The upcoming transit hub near Target Field is called the “interchange,” which is not a lively sobriquet for a project likely to revitalize the western edge of downtown.
Hennepin County is driving the $79.3 million project that doesn’t get much attention — at least not yet.
The interchange, however, has the potential to be a hot spot for entertainment and activity fueled by the contagious verve of travelers making their way around and out of town.
The interchange will be a workhorse, not a show pony. It will serve as a two-tiered transit hub for five commuter rail lines: Hiawatha, Central and eventually Bottineau and Southwest light-rail as well as the Northstar commuter rail.
But the bigger goal is creating an artsy entertainment and dining hub with an amphitheater and restaurants.
Negotiations remain private between the county and the Minnesota Twins, who paired with Bloomington-based United Properties to submit the only bid for the project last year.
Last week, the County Board voted to enter into more closed-door negotiations — this time for a Metro Transit police headquarters at the interchange. Snazzy? Not exactly, but it’s an addition that will not only make the area safer, but also give it more life.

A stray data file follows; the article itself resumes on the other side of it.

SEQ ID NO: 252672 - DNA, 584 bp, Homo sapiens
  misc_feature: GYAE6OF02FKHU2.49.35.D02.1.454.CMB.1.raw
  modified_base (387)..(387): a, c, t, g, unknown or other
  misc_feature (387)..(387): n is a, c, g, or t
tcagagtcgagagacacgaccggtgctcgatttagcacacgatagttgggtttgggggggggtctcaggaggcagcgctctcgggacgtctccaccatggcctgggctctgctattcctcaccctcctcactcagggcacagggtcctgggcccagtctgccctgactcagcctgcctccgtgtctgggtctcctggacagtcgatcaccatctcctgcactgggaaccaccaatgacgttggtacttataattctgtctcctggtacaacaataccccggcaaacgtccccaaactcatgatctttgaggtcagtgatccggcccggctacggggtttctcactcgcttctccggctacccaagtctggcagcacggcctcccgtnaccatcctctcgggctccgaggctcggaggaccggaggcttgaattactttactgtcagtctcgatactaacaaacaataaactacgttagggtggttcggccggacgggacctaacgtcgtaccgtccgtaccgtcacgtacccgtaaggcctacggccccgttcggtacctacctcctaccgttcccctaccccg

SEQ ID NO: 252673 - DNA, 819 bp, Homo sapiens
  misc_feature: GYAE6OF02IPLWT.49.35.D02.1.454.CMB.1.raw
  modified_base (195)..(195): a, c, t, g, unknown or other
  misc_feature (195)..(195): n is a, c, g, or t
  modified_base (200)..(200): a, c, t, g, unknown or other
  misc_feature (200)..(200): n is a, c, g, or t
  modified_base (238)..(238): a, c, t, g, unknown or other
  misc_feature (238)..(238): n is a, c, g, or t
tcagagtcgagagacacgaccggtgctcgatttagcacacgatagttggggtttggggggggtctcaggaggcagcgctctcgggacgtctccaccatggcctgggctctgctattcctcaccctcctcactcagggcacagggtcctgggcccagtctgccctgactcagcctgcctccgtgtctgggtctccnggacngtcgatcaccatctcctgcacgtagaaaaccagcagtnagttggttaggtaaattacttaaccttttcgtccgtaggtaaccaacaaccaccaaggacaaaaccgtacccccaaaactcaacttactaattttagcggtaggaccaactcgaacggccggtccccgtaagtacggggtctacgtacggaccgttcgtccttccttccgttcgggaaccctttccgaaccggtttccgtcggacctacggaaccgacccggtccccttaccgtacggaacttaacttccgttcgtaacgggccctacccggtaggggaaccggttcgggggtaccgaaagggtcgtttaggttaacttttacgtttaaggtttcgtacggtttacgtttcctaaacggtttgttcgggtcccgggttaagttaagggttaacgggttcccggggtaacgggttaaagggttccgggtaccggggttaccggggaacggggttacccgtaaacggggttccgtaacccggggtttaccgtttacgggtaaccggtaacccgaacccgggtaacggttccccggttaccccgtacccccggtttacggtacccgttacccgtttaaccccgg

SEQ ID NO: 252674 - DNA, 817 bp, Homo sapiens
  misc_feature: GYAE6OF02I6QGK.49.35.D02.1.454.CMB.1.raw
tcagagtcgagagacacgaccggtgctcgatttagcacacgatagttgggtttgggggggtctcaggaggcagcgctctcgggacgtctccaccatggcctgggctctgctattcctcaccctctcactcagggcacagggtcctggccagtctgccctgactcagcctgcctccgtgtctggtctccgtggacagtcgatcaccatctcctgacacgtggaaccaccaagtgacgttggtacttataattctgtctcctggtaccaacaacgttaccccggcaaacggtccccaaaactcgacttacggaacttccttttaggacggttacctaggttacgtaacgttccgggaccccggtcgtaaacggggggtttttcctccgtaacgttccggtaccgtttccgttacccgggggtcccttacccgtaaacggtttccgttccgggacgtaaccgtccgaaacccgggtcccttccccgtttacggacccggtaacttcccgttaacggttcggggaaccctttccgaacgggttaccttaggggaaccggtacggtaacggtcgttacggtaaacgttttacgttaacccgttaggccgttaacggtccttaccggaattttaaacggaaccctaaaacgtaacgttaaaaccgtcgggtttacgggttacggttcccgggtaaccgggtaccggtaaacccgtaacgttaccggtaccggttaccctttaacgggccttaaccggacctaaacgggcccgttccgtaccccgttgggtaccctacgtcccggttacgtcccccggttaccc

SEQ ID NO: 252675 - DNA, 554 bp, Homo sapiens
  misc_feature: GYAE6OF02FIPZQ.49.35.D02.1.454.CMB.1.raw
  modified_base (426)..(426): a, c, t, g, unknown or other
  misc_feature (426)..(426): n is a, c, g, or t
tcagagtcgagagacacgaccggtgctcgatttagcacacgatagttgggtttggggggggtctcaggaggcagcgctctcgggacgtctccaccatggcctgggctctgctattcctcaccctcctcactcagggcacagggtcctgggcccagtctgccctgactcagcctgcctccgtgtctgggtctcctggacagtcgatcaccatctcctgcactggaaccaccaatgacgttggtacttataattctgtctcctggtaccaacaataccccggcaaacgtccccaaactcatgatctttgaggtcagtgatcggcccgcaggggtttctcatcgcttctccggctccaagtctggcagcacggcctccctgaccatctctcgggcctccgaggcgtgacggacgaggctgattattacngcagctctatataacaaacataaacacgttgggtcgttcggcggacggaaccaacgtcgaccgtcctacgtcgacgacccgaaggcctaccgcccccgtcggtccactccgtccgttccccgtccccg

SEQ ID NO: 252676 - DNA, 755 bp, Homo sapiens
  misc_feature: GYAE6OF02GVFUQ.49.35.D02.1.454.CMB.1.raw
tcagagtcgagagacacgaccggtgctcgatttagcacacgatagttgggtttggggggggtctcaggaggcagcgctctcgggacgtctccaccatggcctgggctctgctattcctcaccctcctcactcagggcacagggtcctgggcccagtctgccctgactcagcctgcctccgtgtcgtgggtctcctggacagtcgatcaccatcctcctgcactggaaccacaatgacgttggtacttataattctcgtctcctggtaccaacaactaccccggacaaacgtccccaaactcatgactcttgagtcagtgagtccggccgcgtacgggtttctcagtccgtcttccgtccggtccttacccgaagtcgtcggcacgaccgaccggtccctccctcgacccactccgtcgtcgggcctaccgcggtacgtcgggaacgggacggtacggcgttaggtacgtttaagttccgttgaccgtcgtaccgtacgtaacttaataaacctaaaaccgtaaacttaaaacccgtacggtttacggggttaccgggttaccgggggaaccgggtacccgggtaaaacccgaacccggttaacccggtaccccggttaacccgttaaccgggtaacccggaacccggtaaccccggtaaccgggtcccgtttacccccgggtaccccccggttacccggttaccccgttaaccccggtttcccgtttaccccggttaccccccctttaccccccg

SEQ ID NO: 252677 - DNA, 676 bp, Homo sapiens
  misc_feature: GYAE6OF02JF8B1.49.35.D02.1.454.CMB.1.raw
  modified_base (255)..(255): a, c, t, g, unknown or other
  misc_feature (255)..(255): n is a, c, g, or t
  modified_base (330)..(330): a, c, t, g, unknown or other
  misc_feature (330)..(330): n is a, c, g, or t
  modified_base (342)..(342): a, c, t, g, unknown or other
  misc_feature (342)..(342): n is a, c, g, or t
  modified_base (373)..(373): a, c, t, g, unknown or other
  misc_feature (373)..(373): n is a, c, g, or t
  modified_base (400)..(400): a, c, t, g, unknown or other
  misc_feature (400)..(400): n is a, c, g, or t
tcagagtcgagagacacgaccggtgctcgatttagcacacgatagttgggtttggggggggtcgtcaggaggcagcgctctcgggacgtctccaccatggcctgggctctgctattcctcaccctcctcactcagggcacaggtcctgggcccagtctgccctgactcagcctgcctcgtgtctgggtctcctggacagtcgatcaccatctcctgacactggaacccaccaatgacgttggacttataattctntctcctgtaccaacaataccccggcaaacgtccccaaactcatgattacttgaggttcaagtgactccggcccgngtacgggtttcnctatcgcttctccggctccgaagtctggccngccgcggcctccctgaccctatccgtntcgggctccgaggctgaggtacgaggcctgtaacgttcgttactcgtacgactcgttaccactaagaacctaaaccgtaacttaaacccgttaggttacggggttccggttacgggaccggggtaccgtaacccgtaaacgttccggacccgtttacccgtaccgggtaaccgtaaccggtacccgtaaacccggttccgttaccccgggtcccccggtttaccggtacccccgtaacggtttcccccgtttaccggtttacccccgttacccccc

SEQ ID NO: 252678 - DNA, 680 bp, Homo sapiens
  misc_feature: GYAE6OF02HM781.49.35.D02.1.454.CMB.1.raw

Hennepin County Commissioner Peter McLaughlin is the board’s point person on the talks with Twins-United Properties. Their plans remain unknown, but the team has interest in juicing up the area near the ballpark.
The team, United and the county are reportedly negotiating over money, parking, development and naming rights. The county hopes the Twins will help plug a $22 million funding gap in the project.
A few months ago, it wasn’t clear whether the sides would be able to reach agreement. Recent chatter suggests they are on the verge of a pact and an announcement, something McLaughlin doesn’t dispute.
“In terms of the basics, we’re in a good place,” he said. “It just depends on how fast we can get the I’s dotted and the T’s crossed.”